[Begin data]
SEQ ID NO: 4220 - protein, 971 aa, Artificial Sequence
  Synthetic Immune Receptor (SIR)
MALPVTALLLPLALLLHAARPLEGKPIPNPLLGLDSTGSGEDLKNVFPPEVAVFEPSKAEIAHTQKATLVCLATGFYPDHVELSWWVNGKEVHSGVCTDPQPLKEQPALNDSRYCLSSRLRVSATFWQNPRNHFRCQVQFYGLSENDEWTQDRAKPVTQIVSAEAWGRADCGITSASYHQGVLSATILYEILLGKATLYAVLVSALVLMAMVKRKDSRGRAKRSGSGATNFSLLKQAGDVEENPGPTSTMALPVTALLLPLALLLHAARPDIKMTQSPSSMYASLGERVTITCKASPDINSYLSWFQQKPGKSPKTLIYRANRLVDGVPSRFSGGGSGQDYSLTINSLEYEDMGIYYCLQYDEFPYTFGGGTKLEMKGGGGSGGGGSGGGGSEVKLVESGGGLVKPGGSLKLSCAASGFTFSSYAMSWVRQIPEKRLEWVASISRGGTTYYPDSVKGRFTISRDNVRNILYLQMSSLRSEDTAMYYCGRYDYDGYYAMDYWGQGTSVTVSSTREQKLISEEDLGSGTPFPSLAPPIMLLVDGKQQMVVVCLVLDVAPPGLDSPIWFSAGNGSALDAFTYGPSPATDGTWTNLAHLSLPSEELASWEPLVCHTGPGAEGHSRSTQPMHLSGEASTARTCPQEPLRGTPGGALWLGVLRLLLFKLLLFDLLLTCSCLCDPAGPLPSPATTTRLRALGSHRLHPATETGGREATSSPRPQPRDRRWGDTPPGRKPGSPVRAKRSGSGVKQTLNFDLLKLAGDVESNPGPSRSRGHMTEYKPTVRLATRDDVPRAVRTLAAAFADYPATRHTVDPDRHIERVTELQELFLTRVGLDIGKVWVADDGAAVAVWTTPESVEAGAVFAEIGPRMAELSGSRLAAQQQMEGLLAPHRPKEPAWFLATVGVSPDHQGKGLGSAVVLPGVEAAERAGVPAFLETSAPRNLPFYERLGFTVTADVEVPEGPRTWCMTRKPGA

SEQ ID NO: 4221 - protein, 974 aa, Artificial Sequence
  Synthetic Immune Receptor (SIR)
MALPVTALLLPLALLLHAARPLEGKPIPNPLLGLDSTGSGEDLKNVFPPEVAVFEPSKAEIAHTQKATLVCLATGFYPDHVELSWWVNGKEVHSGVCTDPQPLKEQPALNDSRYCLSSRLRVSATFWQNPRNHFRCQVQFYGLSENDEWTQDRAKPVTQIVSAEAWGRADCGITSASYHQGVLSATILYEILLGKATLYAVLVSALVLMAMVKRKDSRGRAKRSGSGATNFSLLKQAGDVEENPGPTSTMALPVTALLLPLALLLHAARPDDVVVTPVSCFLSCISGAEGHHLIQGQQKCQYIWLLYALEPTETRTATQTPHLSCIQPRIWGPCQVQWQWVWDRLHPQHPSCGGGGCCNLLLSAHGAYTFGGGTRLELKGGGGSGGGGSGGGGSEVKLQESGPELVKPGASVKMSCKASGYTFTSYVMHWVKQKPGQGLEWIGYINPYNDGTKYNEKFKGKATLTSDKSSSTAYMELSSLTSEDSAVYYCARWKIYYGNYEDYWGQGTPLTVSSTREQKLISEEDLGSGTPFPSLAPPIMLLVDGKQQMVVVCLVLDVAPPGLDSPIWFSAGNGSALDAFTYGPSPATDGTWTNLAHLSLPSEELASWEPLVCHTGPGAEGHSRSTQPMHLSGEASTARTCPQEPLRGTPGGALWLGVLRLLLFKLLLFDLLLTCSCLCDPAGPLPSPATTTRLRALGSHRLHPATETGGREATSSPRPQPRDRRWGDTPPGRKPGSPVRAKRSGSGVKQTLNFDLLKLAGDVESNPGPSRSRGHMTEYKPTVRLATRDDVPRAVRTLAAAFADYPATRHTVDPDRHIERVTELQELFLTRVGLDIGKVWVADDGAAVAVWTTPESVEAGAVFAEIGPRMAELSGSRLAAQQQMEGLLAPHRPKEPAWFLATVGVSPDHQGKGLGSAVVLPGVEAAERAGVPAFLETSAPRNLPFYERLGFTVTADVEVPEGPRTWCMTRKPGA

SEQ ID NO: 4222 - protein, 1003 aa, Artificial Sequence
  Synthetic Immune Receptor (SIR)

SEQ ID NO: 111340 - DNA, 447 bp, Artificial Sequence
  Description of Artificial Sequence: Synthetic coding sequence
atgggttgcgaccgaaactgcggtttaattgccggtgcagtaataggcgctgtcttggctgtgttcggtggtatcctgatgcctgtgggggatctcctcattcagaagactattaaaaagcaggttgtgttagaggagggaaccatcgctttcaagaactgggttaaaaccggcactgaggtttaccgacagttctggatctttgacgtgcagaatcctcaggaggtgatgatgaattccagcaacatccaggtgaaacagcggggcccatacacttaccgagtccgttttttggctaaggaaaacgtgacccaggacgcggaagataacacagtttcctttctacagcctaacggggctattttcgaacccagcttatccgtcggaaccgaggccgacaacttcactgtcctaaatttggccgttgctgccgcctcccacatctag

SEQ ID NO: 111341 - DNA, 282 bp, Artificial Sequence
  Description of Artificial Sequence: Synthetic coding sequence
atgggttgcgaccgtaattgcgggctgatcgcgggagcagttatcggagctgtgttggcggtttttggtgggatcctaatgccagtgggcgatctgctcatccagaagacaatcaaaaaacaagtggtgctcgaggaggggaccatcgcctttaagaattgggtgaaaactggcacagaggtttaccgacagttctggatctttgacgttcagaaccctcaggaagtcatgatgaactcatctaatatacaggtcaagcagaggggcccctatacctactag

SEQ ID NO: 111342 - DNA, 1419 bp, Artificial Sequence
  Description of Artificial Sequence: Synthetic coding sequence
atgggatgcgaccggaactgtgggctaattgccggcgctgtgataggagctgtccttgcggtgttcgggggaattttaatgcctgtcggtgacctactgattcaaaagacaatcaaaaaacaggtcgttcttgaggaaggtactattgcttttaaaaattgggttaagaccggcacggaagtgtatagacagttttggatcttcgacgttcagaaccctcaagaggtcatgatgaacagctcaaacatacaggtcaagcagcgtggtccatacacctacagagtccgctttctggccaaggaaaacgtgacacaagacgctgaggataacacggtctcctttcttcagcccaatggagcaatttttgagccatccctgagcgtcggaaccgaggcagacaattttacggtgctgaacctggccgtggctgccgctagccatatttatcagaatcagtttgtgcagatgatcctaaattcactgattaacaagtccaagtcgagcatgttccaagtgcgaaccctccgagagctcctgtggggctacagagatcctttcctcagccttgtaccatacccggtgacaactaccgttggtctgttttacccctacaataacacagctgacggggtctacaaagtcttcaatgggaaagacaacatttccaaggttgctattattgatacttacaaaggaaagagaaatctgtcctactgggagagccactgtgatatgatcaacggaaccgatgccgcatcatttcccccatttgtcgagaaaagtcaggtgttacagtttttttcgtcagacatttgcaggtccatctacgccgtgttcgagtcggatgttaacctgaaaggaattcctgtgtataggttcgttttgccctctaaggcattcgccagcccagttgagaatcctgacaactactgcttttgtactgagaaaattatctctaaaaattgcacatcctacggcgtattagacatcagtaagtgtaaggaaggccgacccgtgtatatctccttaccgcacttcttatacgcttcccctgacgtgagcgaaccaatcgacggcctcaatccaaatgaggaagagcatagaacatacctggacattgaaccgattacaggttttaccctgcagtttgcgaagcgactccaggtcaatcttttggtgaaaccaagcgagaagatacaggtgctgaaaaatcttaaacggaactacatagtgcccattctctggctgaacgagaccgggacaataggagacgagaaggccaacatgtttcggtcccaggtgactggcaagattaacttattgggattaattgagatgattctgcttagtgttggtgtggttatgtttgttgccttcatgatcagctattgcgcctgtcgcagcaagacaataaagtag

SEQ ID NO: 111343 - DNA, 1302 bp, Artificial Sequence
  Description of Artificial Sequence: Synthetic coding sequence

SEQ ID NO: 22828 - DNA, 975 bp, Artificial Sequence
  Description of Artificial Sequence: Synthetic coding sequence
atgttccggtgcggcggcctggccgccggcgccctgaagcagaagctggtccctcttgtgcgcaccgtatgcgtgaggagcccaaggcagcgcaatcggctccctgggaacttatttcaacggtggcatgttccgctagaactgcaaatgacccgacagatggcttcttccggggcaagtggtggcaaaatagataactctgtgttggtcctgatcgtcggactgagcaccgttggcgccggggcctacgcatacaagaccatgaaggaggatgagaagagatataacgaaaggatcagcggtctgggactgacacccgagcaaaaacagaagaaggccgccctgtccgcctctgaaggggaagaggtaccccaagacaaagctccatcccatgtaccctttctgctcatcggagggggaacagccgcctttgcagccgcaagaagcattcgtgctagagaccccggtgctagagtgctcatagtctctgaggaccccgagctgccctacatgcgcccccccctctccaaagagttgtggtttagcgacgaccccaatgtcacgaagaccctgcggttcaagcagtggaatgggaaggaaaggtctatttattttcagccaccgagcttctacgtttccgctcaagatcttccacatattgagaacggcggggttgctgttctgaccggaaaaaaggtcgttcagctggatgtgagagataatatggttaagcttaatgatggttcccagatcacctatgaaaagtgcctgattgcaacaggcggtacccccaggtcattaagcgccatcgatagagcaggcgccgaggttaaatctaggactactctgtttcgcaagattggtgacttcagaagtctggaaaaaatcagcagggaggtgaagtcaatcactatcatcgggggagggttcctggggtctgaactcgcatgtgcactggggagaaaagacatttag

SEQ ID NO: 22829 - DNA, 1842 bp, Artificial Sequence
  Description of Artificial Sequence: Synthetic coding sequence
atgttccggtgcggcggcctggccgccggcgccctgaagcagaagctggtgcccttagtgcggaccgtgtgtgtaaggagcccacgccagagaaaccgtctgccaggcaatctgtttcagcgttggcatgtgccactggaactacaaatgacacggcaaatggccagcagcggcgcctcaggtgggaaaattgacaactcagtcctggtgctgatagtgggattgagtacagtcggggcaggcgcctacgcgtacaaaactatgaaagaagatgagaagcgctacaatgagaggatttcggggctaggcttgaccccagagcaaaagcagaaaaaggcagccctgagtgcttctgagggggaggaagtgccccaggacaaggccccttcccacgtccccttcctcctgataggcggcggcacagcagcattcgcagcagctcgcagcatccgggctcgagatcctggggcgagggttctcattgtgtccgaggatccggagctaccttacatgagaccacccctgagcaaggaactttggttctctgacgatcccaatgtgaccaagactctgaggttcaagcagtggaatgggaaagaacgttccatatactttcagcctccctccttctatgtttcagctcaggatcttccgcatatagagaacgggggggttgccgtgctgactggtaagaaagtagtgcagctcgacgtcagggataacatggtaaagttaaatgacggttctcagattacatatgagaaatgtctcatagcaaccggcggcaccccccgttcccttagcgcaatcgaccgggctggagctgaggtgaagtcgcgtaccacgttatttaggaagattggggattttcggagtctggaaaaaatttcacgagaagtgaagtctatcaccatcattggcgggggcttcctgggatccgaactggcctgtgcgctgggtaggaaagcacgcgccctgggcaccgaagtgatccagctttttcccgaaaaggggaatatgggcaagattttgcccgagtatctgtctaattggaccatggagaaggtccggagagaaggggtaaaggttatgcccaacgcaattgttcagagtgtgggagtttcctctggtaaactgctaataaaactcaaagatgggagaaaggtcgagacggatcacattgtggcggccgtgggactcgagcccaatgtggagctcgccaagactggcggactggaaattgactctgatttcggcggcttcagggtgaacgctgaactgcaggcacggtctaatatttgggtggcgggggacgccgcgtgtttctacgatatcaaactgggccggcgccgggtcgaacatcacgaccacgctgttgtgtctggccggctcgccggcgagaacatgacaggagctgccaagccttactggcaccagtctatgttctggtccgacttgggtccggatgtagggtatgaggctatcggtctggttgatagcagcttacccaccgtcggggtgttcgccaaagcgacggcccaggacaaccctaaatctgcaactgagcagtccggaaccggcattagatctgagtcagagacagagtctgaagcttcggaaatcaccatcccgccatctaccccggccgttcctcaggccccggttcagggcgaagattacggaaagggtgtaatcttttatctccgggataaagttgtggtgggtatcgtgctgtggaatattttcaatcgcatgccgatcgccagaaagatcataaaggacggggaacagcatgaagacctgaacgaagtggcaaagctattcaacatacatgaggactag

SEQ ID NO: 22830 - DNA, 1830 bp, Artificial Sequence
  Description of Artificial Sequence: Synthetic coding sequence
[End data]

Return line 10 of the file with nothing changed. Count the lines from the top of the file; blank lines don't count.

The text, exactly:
  Description of Artificial Sequence: Synthetic coding sequence